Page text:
| In Part 1 of this article,
I asked you to think of the Project Manager's (PM's) job
in terms of an hourglass. In this analogy, the top of
the hourglass is the PM's hierarchy, the bottom the project
team, and the connecting tube the PM. The hourglass sand
can be anything from proposals, directions, data, and
other forms of articulated communication to the unstated
forms of communication, such as assumptions, perceptions,
and/or prejudices that pass between the two parts. A PM's
success is often determined by his or her ability to effectively
manage this passage of sand!
In Part 1, I focused mainly on the PM's role in managing
the project team. Here I will consider the other end of
the glass, the hierarchy. I base much of what I know on
my own observations. You have probably noted that little
is written or taught about how PMs should manage their
hierarchy. The "Dilbert" cartoon strip may even be the
most widely cited authority on this subject. My experience
derives primarily from an opportunity I once had to report
directly to a manager four levels above me and to assist
in managing his project teams and his hierarchy for two
years. This, perhaps, could be the most insightful experience
of my career. I learned what was important to five separate
levels in my organization!
of MyCn18, a young planetary nebula with an hourglass
What PMs Say about Their Hierarchies
The comments I hear from PMs regarding their hierarchies
generally tend toward varying states of bewilderment:
"They want me to manage everything and don't want
to be disturbed."
"They've done this before...they should know how tough
"They can't handle the truth!"
"They can't make up their minds and it's hurting my
"They're busy and don't have time to spend with me."
"My hierarchy wants to meet with me regularly to follow
my project's progress."
"They know what needs to be done, why don't they just
"Hierarchy was totally aligned to my project 6 months
ago. What could have changed?"
Things to Keep in Mind
Some things PMs must realize about hierarchy:
Your Hierarchical IQ
- Hierarchy is comprised of individuals, each with
his or her own biases, assumptions, experiences, expectations,
concerns, and knowledge about the project; the project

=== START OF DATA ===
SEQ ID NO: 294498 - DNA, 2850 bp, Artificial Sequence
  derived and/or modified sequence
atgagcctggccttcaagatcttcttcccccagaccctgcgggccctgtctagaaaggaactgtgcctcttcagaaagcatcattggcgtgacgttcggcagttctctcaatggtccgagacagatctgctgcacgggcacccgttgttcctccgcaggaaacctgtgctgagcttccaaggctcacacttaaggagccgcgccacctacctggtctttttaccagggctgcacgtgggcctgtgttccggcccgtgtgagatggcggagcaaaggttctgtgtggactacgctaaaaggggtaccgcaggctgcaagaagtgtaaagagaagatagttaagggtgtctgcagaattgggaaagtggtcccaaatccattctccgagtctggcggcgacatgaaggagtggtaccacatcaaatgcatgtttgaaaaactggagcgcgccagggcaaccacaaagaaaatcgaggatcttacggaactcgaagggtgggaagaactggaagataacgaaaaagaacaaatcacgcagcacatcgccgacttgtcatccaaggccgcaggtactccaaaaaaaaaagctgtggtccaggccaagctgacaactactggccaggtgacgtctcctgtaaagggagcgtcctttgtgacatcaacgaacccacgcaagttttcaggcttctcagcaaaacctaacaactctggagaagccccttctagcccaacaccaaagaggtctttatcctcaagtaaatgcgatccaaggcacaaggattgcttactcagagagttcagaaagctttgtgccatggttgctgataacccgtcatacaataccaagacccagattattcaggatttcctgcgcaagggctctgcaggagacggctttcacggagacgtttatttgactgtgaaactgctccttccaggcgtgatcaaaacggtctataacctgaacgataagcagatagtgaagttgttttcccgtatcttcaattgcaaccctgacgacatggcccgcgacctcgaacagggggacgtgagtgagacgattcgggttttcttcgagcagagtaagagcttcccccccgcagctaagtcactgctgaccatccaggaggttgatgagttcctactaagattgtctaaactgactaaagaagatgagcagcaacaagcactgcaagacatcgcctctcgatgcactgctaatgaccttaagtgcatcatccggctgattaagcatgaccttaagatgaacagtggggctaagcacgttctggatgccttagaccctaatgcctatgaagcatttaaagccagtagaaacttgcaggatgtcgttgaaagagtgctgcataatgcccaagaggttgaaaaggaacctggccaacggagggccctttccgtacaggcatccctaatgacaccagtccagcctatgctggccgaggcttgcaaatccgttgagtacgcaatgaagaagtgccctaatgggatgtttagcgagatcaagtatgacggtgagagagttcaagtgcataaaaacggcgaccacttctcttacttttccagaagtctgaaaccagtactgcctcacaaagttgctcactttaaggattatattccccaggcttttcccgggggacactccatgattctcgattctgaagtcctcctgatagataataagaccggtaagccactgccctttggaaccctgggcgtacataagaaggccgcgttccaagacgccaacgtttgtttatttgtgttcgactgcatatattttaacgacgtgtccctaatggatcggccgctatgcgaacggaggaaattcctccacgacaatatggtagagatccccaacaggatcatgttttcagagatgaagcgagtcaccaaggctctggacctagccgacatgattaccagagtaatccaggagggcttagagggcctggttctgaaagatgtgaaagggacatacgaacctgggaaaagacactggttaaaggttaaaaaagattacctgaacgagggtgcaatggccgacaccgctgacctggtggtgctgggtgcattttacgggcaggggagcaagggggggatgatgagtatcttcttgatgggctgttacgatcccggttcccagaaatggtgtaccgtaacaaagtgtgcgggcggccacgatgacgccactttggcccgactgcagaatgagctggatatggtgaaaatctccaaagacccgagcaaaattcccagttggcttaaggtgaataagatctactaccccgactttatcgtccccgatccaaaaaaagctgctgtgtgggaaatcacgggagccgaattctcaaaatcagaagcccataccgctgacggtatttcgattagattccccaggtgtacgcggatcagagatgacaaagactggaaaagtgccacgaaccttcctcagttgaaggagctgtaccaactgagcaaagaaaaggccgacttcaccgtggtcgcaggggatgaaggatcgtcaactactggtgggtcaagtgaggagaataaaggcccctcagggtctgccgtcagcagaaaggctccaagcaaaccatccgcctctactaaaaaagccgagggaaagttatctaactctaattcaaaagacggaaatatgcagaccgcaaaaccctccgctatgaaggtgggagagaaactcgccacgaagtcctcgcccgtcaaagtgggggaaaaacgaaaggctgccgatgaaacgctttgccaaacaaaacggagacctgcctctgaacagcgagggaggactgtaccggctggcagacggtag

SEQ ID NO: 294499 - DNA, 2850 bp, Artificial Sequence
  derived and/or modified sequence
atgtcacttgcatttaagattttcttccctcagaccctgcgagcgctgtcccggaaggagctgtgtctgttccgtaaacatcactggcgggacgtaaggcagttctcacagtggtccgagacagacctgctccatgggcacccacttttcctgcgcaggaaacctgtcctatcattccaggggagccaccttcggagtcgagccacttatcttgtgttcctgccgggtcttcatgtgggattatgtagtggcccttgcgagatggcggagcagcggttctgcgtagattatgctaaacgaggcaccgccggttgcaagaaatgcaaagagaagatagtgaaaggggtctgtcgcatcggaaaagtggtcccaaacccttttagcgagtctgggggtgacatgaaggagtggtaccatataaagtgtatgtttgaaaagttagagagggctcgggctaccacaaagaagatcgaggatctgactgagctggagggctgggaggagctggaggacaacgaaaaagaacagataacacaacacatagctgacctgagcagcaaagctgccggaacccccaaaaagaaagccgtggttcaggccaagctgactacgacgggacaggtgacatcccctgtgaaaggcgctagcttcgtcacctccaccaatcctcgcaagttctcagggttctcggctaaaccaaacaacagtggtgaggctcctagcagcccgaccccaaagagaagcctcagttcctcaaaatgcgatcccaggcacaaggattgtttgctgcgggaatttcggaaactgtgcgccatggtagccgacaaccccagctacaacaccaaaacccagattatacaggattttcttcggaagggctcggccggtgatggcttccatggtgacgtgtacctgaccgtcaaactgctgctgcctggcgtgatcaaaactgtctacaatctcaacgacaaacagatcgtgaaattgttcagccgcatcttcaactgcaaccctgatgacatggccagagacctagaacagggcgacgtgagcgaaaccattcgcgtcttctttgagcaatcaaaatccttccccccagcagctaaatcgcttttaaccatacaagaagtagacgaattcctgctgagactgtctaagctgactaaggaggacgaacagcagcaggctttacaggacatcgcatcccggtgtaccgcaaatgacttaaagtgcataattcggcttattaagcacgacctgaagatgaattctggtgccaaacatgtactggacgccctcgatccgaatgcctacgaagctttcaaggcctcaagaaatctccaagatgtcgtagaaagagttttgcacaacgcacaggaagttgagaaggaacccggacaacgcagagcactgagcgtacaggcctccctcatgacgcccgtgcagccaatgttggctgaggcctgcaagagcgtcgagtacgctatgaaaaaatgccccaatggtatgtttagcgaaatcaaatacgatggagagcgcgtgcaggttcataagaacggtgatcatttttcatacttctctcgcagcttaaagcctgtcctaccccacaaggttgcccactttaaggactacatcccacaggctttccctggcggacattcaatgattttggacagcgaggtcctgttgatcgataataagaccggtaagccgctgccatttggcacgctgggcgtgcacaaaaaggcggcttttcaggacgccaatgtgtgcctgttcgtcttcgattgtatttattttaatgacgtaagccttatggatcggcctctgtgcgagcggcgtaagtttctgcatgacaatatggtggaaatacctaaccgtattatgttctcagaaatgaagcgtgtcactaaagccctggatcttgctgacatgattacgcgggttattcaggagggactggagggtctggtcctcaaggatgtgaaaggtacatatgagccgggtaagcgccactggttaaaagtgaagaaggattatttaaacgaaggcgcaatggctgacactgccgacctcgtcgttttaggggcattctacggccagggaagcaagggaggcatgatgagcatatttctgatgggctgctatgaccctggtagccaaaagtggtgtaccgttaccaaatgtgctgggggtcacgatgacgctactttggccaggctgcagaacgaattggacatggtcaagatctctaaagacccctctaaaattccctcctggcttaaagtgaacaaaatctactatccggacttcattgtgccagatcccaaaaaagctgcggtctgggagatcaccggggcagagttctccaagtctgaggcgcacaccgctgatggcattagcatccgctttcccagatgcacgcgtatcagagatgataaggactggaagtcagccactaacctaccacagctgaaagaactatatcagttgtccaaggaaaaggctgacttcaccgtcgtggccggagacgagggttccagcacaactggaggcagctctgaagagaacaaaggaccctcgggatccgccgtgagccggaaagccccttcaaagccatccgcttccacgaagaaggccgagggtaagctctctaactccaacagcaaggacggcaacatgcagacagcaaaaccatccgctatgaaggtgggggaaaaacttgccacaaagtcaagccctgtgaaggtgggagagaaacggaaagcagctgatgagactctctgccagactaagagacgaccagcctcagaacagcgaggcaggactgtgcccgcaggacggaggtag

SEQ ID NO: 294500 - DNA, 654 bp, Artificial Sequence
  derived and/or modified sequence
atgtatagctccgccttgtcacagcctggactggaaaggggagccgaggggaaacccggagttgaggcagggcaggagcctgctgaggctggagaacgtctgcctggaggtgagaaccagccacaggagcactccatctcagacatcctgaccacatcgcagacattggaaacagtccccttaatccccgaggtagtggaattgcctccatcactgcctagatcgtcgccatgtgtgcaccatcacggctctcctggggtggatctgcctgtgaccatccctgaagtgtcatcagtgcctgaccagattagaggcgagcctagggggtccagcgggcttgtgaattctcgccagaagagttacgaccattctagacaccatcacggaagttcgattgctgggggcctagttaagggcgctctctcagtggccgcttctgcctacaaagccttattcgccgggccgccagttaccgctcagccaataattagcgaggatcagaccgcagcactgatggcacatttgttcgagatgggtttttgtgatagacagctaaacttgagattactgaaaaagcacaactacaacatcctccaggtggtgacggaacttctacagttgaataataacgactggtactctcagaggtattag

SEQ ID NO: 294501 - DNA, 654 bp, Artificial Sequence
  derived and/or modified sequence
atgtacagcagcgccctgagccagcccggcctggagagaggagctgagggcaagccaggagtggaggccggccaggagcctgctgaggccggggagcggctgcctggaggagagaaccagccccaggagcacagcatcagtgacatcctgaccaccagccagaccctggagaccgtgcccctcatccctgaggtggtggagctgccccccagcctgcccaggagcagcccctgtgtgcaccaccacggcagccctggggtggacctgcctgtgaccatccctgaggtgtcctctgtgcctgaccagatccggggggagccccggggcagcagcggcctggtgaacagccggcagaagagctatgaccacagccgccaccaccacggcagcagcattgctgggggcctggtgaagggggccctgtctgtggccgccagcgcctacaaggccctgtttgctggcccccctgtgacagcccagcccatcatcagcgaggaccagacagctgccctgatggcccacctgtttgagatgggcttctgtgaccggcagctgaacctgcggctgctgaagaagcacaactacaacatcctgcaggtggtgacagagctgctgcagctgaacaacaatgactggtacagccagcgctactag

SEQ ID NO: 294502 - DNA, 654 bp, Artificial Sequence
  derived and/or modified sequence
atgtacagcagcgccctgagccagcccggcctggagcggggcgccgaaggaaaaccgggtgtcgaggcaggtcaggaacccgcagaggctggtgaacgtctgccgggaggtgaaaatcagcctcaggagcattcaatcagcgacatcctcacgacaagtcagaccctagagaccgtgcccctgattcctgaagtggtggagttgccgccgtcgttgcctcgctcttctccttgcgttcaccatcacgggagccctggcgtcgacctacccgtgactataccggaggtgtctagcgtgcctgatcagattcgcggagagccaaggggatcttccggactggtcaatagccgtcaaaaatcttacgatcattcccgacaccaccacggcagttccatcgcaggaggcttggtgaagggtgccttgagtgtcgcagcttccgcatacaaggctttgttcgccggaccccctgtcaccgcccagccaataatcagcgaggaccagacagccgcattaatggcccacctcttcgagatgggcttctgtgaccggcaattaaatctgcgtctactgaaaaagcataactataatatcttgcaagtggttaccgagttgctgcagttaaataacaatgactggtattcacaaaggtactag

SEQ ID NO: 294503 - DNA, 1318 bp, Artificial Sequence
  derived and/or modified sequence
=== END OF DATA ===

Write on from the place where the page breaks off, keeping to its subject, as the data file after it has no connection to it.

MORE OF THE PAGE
team; and the PM. When a PM lumps all these individuals
together, "they" become much harder to manage than
any one individual.
- Hierarchy is comprised of levels. The individual
needs and expectations of one level toward the PM
may be at odds with those at other levels. A PM needs
to understand what the needs and expectations are
at each level and determine a strategy to address
- Not all hierarchy has decision-making rights on
a project. A PM has to be able to understand and differentiate
what each level can accomplish.
- Hierarchy has information about future events that
can impact the PM's project. The PM must gain the
hierarchy's trust and confidence to obtain this information
as soon as possible to properly manage the project
I believe PMs should take the following steps to measure
and then improve their hierarchical IQ:
If you don't understand who your hierarchy is and how
they can impact your project, you don't have a very high
- Understand your authority on the project and what
items require decisions from outside the project team.
- Learn, early in the project's life, about all organizations
whose hierarchy may impact your project.
- Learn the name and level of the individuals in the
hierarchy you plan to maintain a communication link
with. Understand what decisions pertinent to your
project each level is able to make.
- Hold regular meetings (group or 1:1) with specific
members of the hierarchy to better understand each
one's needs and expectations throughout the life of
- Bring the hierarchy together on a regular basis
to review the project. Too often the PM assumes the
hierarchy discusses the project and the PM's concerns
with one another. This is not always a safe assumption.
Communicating with Hierarchy
Once you take the above steps, you need to improve on
the following two areas to better influence your hierarchy
and increase your hierarchical IQ.
This wraps up my thoughts on "The Hour Glass and the Project
Manager." Now it's time to go out and practice what you've
learned. Hurry now, as the sand is always flowing in your
- Sharpen your listening skills. Surprisingly,
few PMs really listen to what their hierarchies are
trying to tell them. If you ever wanted to be that
infamous fly on the wall, remember that flies aren't
known for being big talkers. PMs want to communicate
their thoughts, ideas, plans, etc. to the hierarchy.
This is good and expected of you, but the key is to
listen to what the hierarchy is telling you about
your project. Learn what could positively or negatively
impact it, and then act accordingly.
- Sharpen your proposal-making skills. PMs
should be very clear what they want the hierarchy
to do. Don't allow hierarchy to try and guess what
you want from them. If you want them to do something,
you should have the conviction to ask for it. If you
don't want them to do anything, you should state this
clearly. PMs should understand what they want of their
hierarchy prior to meeting with them either in group
settings or in 1:1 meetings.
Scott Cameron is Capital Systems Manager for
the Food & Beverage Global Business Unit of Procter
& Gamble. He has been managing capital projects
and mentoring other capital management practitioners
for the past 20 years at Procter & Gamble within
its Beauty Care, Health Care, Food & Beverage, and
Fabric & Home Care Businesses.